Magisterial Grüner Veltliner and Riesling from dramatic riverside slopes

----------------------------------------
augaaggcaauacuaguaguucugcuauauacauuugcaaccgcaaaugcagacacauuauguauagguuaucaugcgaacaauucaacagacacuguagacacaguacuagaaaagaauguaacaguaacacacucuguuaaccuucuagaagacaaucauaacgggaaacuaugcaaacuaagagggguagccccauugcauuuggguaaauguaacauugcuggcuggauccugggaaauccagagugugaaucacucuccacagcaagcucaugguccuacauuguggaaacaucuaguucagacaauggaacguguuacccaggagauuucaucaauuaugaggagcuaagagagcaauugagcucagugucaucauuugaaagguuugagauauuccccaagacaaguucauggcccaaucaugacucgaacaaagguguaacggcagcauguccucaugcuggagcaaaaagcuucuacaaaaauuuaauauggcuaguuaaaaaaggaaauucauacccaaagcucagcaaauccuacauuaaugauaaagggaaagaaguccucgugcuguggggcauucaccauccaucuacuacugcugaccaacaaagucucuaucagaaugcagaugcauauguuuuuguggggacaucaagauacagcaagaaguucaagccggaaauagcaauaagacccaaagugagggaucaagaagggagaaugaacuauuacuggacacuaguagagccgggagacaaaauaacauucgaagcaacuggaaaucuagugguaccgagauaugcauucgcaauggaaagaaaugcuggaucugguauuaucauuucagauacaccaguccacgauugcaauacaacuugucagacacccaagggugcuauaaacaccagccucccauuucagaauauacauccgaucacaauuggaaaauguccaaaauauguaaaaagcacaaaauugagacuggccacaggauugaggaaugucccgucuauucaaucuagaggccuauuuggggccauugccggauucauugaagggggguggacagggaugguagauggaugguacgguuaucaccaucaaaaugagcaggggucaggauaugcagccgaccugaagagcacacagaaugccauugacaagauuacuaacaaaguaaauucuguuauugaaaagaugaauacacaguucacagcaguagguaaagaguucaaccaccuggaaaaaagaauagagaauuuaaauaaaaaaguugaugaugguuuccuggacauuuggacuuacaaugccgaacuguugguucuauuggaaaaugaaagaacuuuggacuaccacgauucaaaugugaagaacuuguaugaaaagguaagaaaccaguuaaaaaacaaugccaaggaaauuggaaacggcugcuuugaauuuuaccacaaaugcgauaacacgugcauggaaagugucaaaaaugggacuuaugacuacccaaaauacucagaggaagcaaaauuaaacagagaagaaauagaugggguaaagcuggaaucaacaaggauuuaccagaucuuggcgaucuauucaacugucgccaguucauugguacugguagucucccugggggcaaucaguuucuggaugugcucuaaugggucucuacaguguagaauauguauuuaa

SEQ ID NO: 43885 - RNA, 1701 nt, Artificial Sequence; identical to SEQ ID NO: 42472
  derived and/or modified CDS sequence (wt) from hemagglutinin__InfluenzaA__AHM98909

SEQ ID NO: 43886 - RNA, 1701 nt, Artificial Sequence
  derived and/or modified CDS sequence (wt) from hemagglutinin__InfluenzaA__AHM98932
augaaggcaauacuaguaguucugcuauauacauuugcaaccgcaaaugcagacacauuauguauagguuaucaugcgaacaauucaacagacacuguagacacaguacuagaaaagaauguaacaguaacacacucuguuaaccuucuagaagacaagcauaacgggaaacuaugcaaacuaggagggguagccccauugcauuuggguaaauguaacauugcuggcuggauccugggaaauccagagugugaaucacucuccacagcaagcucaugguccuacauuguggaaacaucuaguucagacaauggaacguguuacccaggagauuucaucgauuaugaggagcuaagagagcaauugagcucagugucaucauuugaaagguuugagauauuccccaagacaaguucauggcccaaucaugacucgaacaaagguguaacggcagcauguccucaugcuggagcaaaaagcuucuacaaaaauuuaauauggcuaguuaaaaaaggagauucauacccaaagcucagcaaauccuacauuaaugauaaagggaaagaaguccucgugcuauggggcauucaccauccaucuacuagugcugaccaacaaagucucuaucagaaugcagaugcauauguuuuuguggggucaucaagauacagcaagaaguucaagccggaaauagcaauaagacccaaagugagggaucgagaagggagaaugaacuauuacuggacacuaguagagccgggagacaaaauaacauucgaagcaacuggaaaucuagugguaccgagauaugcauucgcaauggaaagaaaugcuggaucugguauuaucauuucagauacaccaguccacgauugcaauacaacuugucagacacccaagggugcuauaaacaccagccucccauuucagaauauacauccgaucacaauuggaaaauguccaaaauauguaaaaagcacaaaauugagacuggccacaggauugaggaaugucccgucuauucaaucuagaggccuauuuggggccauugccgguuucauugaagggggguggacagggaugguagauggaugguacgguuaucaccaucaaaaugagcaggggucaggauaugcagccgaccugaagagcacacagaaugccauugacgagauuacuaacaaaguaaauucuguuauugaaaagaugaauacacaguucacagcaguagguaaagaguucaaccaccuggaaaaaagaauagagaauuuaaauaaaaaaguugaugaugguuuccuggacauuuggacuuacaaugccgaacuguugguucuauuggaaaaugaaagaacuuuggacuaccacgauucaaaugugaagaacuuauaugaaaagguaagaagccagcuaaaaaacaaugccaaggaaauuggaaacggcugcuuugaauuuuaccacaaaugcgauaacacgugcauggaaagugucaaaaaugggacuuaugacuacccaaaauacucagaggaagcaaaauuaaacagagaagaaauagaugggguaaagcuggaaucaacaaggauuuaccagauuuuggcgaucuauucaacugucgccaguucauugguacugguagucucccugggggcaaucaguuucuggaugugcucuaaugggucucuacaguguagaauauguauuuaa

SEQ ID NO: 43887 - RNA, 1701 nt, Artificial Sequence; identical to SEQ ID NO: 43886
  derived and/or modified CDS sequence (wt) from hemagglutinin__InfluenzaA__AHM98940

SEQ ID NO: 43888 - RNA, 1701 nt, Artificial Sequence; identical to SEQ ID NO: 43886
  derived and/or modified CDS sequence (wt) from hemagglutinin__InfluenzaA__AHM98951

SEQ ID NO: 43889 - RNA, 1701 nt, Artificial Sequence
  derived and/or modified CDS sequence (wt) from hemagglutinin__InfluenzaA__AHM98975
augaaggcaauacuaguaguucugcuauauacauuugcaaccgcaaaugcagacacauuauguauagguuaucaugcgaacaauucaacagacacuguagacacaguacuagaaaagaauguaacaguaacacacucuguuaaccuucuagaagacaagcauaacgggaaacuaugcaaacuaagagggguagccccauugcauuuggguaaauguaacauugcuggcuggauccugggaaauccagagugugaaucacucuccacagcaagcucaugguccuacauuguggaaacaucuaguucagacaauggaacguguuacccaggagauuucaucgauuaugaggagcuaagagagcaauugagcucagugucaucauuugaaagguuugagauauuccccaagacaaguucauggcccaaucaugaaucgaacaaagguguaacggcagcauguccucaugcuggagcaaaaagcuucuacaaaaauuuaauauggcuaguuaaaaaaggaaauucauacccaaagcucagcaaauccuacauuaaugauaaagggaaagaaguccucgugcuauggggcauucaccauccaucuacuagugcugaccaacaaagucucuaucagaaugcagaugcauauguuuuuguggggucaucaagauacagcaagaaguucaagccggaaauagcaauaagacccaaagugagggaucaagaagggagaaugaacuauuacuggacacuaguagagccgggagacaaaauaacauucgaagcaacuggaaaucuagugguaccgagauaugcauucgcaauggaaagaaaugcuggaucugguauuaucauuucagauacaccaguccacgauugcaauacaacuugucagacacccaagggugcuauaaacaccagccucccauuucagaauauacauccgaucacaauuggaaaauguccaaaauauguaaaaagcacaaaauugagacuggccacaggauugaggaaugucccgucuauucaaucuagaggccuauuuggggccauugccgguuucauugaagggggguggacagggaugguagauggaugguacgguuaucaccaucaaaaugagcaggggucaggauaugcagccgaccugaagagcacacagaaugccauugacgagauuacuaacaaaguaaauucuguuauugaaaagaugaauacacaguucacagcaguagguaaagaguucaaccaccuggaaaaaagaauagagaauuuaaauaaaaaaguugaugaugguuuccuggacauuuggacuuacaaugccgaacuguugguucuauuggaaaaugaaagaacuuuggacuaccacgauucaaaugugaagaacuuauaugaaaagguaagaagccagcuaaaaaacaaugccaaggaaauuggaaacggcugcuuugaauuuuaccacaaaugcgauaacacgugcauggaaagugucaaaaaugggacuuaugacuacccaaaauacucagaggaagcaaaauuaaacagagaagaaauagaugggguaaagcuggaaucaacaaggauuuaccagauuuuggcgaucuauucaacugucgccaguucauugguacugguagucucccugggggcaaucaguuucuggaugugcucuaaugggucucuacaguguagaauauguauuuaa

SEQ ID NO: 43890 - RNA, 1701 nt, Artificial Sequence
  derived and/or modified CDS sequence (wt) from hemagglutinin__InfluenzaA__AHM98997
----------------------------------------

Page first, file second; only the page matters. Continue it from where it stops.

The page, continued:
The splendorous Wachau, Lower Austria’s westernmost wine region, is home to the country’s best-known wines internationally, producing Grüner Veltliner and Riesling of unparalleled power, depth, and longevity. Though it occupies just a 12-mile stretch of the Danube, the Wachau is home to over 650 winegrowers, most of whom farm modestly sized holdings on the region’s unforgivingly steep, terraced slopes. Historically speaking, the Wachau’s most coveted sites are found along the northern banks of the Danube; here, vineyards tilt southward like solar panels, ensuring full phenolic maturity even in difficult vintages. However, as the climate has warmed over the past couple of decades, growers on these northern banks have occasionally struggled to produce wines of finesse and balance. As is the case in winegrowing regions across Europe, what used to be sweet spots for ripening now suffer from an excess of warmth with increasing frequency. Today, in fact, the vineyards on the southern side of the Danube, planted on north-facing slopes typically less extreme in incline, attain ripeness with greater certainty each vintage than they did in years past, and wines from these less solar sites tend to display a sense of effortless freshness and lift that sometimes eludes their neighbors across the river.